Laurels Are For (Hopefully Far) Down The Road

When I began tentatively first tinkering with working on a new novel late last year, much as I’d done for my previous three novels I started now and then sharing “peeks” at a few paragraphs. (My first, Passports, didn’t get that treatment on here because I wrote it prior to starting this blog.) Now that the tale has a proper title, also as I have done previously I’ve now grouped those initial “peeks” together once more on their own page, and I will add to them during the months to come. That brand new page is found with a click on the Tomorrow The Grace draft cover(s) in the right sidebar:

[Tomorrow The Grace, front and back print covers. R. J. Nello, 2018.]

I didn’t discuss this in the previous post and I think it is worth doing so: that cover is another shift for me. My first three “modern” books (stories of the 1990s) had cover art that relied on my own personally-shot photography. In comparison, Conventions: The Garden At Paris, which takes place some four decades before photography was invented (and – yes, really! – that is also long before I was born, so I had no personal photosπŸ˜‚), has a cover that is a part of a 1780s painting of Paris’s then Place Louis XV (which is now the Place de La Concorde); the aim is to give the novel a “classics” book look and to set it apart from my earlier ones in emphasizing it is a nearly “250 year old” story.

For the upcoming Tomorrow, I’ve gone again for contemporary 18th-19th century period artwork. However, this time prominent faces will appear. I had never before had any on any of my covers mostly because I didn’t want readers associating cover faces with characters – preferring readers use their imaginations.

I suppose due to the presence of faces Tomorrow may change things in that department a bit, but it shouldn’t. We know the old saying β€œNever judge a book by its cover,” but of course we do, and often quite harshly: a lousy cover is a danger to a book. Tomorrow’s back one is a young woman of the English gentry painted in 1787; the front is a French well-to-do family painted in 1803. I like them, think they convey the sense of the tale I want conveyed at first glance, and feel our reading imaginations may benefit from a little help when it comes seeing people of that era who are perhaps “representative” of characters in the book.

[Meandering by Irish writer George Bernard Shaw’s house, Ayot Saint Lawrence, Hertfordshire. Photo by me, 2018.]

One other important reality I have learned in the ups and downs of writing since 2013 is this: we are not the likes of a George Bernard Shaw. (Well, at least not yet.) As an “indie” author, interest in your writing remains steady or growing only if you let it be known you are writing and have a firm idea of when your latest will appear in public. In short, you can never step off the stage for any length of time.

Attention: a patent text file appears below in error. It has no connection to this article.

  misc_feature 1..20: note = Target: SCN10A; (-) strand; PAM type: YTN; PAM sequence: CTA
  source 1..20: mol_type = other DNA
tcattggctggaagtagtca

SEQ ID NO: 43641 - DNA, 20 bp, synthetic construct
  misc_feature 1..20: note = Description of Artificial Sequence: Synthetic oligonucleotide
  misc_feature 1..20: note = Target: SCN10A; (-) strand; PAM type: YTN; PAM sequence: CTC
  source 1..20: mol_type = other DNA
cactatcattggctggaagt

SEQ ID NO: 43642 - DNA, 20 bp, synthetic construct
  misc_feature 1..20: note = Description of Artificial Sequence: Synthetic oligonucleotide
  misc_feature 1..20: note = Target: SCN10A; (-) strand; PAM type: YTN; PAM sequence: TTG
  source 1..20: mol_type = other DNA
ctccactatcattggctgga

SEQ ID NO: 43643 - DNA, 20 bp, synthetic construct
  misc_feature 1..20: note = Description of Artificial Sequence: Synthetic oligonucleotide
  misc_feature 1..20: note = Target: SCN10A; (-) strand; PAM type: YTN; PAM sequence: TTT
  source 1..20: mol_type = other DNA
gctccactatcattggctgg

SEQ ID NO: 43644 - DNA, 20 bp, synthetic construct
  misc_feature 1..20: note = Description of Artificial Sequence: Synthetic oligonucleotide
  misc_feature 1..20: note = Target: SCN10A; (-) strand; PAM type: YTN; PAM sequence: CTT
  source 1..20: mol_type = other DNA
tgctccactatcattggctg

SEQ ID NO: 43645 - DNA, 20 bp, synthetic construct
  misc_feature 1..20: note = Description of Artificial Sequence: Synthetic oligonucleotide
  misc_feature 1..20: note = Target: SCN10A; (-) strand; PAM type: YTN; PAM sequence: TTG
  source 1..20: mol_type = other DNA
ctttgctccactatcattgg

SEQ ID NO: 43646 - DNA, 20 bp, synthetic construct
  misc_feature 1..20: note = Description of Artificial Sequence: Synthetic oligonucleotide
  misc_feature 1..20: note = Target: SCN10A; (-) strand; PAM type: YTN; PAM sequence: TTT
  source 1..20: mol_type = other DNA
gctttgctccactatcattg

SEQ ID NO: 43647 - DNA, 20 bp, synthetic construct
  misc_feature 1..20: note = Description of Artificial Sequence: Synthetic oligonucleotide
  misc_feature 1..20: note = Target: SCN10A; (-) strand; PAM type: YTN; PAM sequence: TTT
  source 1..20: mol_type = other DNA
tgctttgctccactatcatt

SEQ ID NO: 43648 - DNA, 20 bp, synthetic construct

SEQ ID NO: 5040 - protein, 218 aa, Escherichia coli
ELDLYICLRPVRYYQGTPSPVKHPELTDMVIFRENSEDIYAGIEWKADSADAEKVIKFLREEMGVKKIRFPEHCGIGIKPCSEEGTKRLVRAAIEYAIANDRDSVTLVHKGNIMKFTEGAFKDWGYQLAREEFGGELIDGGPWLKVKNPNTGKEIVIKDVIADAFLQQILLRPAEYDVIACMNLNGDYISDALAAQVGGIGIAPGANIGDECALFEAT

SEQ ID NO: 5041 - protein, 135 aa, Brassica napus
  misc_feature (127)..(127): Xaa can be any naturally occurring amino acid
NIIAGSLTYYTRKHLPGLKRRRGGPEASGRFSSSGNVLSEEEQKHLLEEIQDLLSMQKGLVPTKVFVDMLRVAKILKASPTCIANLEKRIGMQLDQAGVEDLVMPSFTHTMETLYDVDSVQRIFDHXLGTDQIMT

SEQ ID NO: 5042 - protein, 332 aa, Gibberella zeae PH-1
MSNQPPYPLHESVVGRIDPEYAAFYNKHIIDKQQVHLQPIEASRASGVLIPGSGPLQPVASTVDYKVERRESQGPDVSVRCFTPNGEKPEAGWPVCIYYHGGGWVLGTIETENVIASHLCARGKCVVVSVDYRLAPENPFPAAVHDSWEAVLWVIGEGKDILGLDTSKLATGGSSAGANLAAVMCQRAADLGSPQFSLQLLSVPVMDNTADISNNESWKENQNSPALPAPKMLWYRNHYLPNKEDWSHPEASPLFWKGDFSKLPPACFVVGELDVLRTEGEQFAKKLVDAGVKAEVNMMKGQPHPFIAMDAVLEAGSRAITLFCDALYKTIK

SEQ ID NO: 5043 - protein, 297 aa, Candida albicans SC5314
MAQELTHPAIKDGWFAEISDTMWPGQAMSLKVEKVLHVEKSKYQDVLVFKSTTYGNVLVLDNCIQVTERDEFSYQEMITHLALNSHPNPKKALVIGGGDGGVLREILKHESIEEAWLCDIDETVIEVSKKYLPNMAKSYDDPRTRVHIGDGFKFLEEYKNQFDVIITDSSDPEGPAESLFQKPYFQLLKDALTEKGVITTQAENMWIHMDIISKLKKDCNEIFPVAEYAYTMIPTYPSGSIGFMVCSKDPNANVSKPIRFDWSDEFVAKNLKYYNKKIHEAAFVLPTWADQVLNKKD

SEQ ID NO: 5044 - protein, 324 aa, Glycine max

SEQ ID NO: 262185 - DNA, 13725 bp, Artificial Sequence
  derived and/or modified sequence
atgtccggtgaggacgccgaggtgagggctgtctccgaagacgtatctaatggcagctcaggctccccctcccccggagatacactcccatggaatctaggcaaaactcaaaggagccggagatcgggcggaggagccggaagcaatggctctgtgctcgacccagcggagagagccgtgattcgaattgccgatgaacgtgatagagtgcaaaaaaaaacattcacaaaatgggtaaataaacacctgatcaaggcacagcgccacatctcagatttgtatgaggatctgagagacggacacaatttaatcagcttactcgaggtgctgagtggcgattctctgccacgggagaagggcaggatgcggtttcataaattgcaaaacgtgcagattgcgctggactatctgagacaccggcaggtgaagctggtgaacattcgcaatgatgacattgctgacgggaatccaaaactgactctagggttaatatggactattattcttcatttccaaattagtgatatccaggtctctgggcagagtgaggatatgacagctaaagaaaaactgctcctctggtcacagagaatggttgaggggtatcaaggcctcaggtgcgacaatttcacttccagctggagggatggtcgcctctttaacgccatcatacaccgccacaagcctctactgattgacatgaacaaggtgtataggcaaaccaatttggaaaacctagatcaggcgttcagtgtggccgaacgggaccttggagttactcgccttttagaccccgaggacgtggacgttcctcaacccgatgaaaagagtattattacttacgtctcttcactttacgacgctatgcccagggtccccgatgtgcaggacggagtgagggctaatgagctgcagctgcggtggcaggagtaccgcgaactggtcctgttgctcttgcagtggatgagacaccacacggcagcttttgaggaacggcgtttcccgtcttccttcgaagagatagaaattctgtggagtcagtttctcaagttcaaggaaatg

I suspect if web followers/readers sniff out that you aren’t writing another book, or even worse you actually declare that you aren’t (even for just a “hiatus” of sorts), interest in what you have written a year or two or three ago tends to fall off and I believe the reason for that is simple: readers feel they have invested in you, want you to keep writing, and above all want to read more from you. The moment they realize there won’t be more possibly for some time, or maybe even never, interest in what you have already written wanes. After all, as an “indie” author no matter how good your previous books may have been you cannot rest on your writing laurels because, frankly, you don’t have any yet.

“Laurels” may be said to be reserved for after you are literally a dead author. It took me just under a year each to write my first three novels; those relatively “short” spans between those books appearing was due to the fact that given their fictional memoir natures I did not need to do a lot of outside research. In comparison, Conventions, which did require extra research, took me well over a year and a half to complete.

[Walking the English countryside. Hertfordshire. Photo by me, 2018.]

That is the reason I revealed the Tomorrow The Grace title and the planned cover(s) only halfway through 2018. Tomorrow demands a Conventions level of research (and perhaps even more), so will probably require a similar length of time to write. I believe that as an “indie” author readers need to know where you are and what you are doing: thus my “2019” release estimate for Tomorrow and why I let you know all of that on here… just so you know.

Have a good Monday, wherever you are in the world. πŸ™‚

8 replies »

  1. I like your cover concept, but to me the back clashes uncomfortably with the front, because of the completely different palette. To feel more balanced, the back cover illustration would need to have one or more color accents that coordinate with the hues on the front cover.